The High Camp
Usually when I tell people about wild-camping high in the mountains, they will look at me with surprise and say something like "Really? Isn't it scary and dangerous?". There will always be an element of danger if you are spending the night in the mountains, far from help. However this danger can be minimized significantly if you prepare and equip yourself properly. If you are as passionate about the outdoors as me then the risks are probably worth taking - I personally believe that there is no better way to spend time in the hills
Too often I found myself climbing a Munro and spending only 10-20 minutes at the summit before starting my descent. I wanted to spend much longer taking in the views and spending the night was the most appealing option to me. As a photographer, I also have the opportunity to watch the light change as the sun sets and rises which gives me the chance to capture incredible images.
It is very important to monitor weather forecasts before heading into the hills - more specifically the mountain forecast from the Met Office will give you a good idea of what to expect at 3000 ft. I only go out if I am confident that the weather is going to be decent.
It is very important to make sure that somebody knows about your plans. Leave as much information as possible - this may include details of the exact route that you are walking, the summit which you intend to camp on and where you are parking your car. All of this information will be useful to mountain rescue teams in the unlikely event that you need rescued.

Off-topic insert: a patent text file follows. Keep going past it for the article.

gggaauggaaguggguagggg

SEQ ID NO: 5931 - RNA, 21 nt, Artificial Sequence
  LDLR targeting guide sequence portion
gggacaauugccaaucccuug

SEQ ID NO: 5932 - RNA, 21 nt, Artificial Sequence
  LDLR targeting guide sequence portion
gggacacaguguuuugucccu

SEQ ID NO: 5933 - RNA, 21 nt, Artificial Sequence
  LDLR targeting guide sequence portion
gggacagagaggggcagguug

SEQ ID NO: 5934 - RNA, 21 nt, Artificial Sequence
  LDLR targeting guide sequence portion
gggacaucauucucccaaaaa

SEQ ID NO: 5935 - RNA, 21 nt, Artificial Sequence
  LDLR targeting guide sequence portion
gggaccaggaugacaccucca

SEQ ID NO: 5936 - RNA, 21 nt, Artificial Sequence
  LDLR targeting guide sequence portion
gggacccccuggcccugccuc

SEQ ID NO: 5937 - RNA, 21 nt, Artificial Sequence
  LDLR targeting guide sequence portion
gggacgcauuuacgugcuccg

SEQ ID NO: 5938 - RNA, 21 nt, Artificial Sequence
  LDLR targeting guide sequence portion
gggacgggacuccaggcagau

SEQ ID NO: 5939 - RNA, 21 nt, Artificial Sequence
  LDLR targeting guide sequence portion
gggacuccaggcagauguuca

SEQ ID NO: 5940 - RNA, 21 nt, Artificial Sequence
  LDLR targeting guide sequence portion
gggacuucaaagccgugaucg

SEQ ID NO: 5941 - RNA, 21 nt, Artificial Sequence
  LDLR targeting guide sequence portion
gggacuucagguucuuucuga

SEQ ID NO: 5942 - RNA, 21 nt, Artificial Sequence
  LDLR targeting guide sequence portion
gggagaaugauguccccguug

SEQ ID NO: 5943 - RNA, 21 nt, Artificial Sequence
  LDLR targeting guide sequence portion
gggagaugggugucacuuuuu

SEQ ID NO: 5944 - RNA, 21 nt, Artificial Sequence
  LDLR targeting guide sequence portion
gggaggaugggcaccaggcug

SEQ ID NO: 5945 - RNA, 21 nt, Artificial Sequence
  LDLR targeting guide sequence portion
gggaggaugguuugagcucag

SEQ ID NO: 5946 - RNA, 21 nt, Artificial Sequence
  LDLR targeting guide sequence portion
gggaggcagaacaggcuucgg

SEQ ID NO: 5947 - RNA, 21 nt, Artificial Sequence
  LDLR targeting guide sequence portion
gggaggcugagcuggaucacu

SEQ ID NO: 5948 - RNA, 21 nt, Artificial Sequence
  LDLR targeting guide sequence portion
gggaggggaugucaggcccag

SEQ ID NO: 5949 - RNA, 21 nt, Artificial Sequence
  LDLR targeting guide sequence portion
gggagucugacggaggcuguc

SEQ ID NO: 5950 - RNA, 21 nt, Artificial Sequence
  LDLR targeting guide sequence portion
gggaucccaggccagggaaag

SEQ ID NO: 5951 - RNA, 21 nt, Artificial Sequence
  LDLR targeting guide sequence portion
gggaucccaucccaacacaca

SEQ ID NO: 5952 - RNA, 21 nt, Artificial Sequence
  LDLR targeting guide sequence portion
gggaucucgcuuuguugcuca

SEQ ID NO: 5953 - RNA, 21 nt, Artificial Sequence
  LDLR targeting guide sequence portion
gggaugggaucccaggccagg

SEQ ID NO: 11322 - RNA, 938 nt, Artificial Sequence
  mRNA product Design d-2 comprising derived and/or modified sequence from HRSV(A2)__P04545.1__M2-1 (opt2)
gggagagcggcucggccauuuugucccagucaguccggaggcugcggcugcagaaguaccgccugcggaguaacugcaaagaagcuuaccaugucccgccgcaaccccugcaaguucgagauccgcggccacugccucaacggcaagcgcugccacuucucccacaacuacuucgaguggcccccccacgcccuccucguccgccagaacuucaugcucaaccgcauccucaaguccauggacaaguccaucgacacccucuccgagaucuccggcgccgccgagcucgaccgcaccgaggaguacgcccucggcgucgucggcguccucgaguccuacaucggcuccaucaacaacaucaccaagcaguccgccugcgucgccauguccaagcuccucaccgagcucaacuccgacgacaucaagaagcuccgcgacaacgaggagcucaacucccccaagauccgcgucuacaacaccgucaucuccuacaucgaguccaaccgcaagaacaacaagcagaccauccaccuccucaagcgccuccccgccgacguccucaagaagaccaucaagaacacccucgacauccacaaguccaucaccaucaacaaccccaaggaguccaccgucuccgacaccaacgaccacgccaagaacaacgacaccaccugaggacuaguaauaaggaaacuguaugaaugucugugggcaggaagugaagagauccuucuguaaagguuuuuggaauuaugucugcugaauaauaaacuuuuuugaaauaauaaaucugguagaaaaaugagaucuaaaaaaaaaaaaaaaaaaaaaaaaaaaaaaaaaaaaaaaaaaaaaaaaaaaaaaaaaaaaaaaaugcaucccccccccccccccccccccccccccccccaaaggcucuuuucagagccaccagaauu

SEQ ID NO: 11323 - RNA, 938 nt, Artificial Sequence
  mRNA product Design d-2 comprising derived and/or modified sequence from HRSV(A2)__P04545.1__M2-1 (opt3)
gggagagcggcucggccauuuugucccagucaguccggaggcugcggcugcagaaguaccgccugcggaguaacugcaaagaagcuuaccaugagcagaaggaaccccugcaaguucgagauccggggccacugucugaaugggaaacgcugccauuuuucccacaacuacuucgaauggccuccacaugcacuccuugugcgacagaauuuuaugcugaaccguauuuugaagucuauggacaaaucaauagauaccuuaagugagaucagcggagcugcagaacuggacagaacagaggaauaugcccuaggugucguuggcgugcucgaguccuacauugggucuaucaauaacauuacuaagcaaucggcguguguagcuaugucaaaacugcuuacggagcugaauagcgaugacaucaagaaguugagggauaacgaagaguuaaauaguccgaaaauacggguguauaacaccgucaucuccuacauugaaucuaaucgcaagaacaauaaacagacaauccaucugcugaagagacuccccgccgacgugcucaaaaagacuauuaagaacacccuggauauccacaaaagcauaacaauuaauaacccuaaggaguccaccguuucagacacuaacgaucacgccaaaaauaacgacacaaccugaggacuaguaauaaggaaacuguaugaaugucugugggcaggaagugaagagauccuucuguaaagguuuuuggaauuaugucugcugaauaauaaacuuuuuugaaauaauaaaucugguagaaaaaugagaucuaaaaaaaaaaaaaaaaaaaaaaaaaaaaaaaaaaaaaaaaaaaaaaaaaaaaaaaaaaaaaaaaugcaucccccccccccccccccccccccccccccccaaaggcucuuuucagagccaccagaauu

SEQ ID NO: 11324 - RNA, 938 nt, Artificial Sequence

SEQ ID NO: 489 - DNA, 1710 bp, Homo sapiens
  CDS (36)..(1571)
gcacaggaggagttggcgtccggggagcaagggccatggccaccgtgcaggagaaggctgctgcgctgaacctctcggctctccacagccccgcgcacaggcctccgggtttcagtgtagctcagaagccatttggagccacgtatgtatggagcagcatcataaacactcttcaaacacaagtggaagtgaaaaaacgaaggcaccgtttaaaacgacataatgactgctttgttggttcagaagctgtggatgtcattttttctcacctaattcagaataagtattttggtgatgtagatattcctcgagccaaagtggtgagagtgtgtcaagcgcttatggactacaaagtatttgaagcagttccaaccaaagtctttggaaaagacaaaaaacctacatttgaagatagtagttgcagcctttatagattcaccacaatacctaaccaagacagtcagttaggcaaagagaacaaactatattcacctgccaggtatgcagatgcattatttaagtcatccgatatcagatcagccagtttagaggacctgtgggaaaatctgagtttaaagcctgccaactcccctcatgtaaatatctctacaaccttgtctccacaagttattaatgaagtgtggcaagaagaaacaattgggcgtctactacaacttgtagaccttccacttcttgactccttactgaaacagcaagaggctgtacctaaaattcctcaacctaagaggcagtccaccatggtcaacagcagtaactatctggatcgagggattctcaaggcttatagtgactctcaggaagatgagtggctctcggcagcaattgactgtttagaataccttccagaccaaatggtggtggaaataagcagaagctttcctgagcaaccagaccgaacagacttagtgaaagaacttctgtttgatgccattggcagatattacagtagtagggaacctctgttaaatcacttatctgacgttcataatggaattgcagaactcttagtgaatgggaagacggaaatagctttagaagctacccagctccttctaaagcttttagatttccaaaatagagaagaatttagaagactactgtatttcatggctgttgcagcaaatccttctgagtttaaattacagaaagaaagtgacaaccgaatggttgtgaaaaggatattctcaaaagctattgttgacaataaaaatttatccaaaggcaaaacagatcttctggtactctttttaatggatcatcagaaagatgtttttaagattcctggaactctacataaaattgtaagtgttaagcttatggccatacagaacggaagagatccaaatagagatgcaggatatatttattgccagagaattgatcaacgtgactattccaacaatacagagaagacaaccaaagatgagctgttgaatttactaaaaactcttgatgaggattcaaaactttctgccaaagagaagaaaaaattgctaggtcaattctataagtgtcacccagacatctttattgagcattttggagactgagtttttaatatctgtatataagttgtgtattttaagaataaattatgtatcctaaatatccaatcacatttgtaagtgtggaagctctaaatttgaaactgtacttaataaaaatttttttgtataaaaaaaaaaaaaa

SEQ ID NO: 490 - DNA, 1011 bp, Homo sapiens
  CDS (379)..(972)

If you get into difficulty, you should dial 999 from your mobile and ask for the Police who will liaise with the local mountain rescue team.
Below, I have listed the gear which I always take with me on wild camps regardless of season.
Large Rucksack (60L+) - I have a Vango Sherpa
Sleeping Bag (At least 3 seasons rated)
Tent - 1 or 2 man lightweight backpacking tent. My tent is a 2 man Vango Blade (pictured)
Camping stove + Spork - I have a Jetboil Flash
GPS/Paper Map (with knowledge of how to navigate using a map & compass)
Water Bottle x2
Clothing - All seasons
Warm Gloves (windproof)
Walking trousers (durable/windproof/water resistant)
Thermal Base layer
Long Sleeve Layer
Fleece (medium / heavy weight & warm)
Mobile Phone - For emergencies
SD Cards for camera
Dry Bag x2 (to keep valuables safe)
Plastic Bag (for rubbish)
Head Torch + spare batteries
Tin of beans x2
Bags of sweets
If you make the correct preparations for a high camp then you could find yourself spending the night in some of the most spectacular places in Scotland.